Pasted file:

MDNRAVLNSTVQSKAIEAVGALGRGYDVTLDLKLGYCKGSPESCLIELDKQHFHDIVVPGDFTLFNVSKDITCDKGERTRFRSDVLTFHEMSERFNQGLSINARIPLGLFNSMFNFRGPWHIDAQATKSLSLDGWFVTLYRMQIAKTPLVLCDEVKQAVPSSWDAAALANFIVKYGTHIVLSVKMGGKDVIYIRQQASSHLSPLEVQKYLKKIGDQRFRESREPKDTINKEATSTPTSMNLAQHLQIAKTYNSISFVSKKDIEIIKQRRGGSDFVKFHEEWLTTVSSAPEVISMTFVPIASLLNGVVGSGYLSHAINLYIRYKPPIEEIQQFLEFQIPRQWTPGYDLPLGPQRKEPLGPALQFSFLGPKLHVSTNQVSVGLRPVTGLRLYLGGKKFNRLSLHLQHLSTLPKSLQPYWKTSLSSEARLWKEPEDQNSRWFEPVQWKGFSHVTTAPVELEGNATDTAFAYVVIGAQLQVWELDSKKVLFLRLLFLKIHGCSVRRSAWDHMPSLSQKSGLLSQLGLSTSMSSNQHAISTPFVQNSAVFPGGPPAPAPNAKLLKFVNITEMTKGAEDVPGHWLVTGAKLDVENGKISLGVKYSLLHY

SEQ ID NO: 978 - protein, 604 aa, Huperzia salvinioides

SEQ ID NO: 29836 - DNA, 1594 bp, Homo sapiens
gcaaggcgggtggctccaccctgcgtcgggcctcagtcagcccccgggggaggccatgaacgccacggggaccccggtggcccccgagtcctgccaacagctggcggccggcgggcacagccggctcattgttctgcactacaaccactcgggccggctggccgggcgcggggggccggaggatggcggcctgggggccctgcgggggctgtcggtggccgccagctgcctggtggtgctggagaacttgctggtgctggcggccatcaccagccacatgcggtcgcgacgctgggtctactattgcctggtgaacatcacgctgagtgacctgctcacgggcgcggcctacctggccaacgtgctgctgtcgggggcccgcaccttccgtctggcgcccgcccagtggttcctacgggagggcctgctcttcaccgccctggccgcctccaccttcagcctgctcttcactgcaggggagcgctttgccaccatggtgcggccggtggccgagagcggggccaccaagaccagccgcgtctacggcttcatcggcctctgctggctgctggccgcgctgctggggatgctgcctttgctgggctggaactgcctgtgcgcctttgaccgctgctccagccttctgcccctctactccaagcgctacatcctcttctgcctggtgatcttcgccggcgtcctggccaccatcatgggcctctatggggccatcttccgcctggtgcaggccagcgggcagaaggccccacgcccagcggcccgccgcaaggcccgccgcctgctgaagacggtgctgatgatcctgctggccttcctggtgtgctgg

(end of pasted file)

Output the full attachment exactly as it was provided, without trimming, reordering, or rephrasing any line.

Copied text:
MDNRAVLNSTVQSKAIEAVGALGRGYDVTLDLKLGYCKGSPESCLIELDKQHFHDIVVPGDFTLFNVSKDITCDKGERTRFRSDVLTFHEMSERFNQGLSINARIPLGLFNSMFNFRGPWHIDAQATKSLSLDGWFVTLYRMQIAKTPLVLCDEVKQAVPSSWDAAALANFIVKYGTHIVLSVKMGGKDVIYIRQQASSHLSPLEVQKYLKKIGDQRFRESREPKDTINKEATSTPTSMNLAQHLQIAKTYNSISFVSKKDIEIIKQRRGGSDFVKFHEEWLTTVSSAPEVISMTFVPIASLLNGVVGSGYLSHAINLYIRYKPPIEEIQQFLEFQIPRQWTPGYDLPLGPQRKEPLGPALQFSFLGPKLHVSTNQVSVGLRPVTGLRLYLGGKKFNRLSLHLQHLSTLPKSLQPYWKTSLSSEARLWKEPEDQNSRWFEPVQWKGFSHVTTAPVELEGNATDTAFAYVVIGAQLQVWELDSKKVLFLRLLFLKIHGCSVRRSAWDHMPSLSQKSGLLSQLGLSTSMSSNQHAISTPFVQNSAVFPGGPPAPAPNAKLLKFVNITEMTKGAEDVPGHWLVTGAKLDVENGKISLGVKYSLLHY

SEQ ID NO: 978 - protein, 604 aa, Huperzia salvinioides

SEQ ID NO: 29836 - DNA, 1594 bp, Homo sapiens
gcaaggcgggtggctccaccctgcgtcgggcctcagtcagcccccgggggaggccatgaacgccacggggaccccggtggcccccgagtcctgccaacagctggcggccggcgggcacagccggctcattgttctgcactacaaccactcgggccggctggccgggcgcggggggccggaggatggcggcctgggggccctgcgggggctgtcggtggccgccagctgcctggtggtgctggagaacttgctggtgctggcggccatcaccagccacatgcggtcgcgacgctgggtctactattgcctggtgaacatcacgctgagtgacctgctcacgggcgcggcctacctggccaacgtgctgctgtcgggggcccgcaccttccgtctggcgcccgcccagtggttcctacgggagggcctgctcttcaccgccctggccgcctccaccttcagcctgctcttcactgcaggggagcgctttgccaccatggtgcggccggtggccgagagcggggccaccaagaccagccgcgtctacggcttcatcggcctctgctggctgctggccgcgctgctggggatgctgcctttgctgggctggaactgcctgtgcgcctttgaccgctgctccagccttctgcccctctactccaagcgctacatcctcttctgcctggtgatcttcgccggcgtcctggccaccatcatgggcctctatggggccatcttccgcctggtgcaggccagcgggcagaaggccccacgcccagcggcccgccgcaaggcccgccgcctgctgaagacggtgctgatgatcctgctggccttcctggtgtgctgg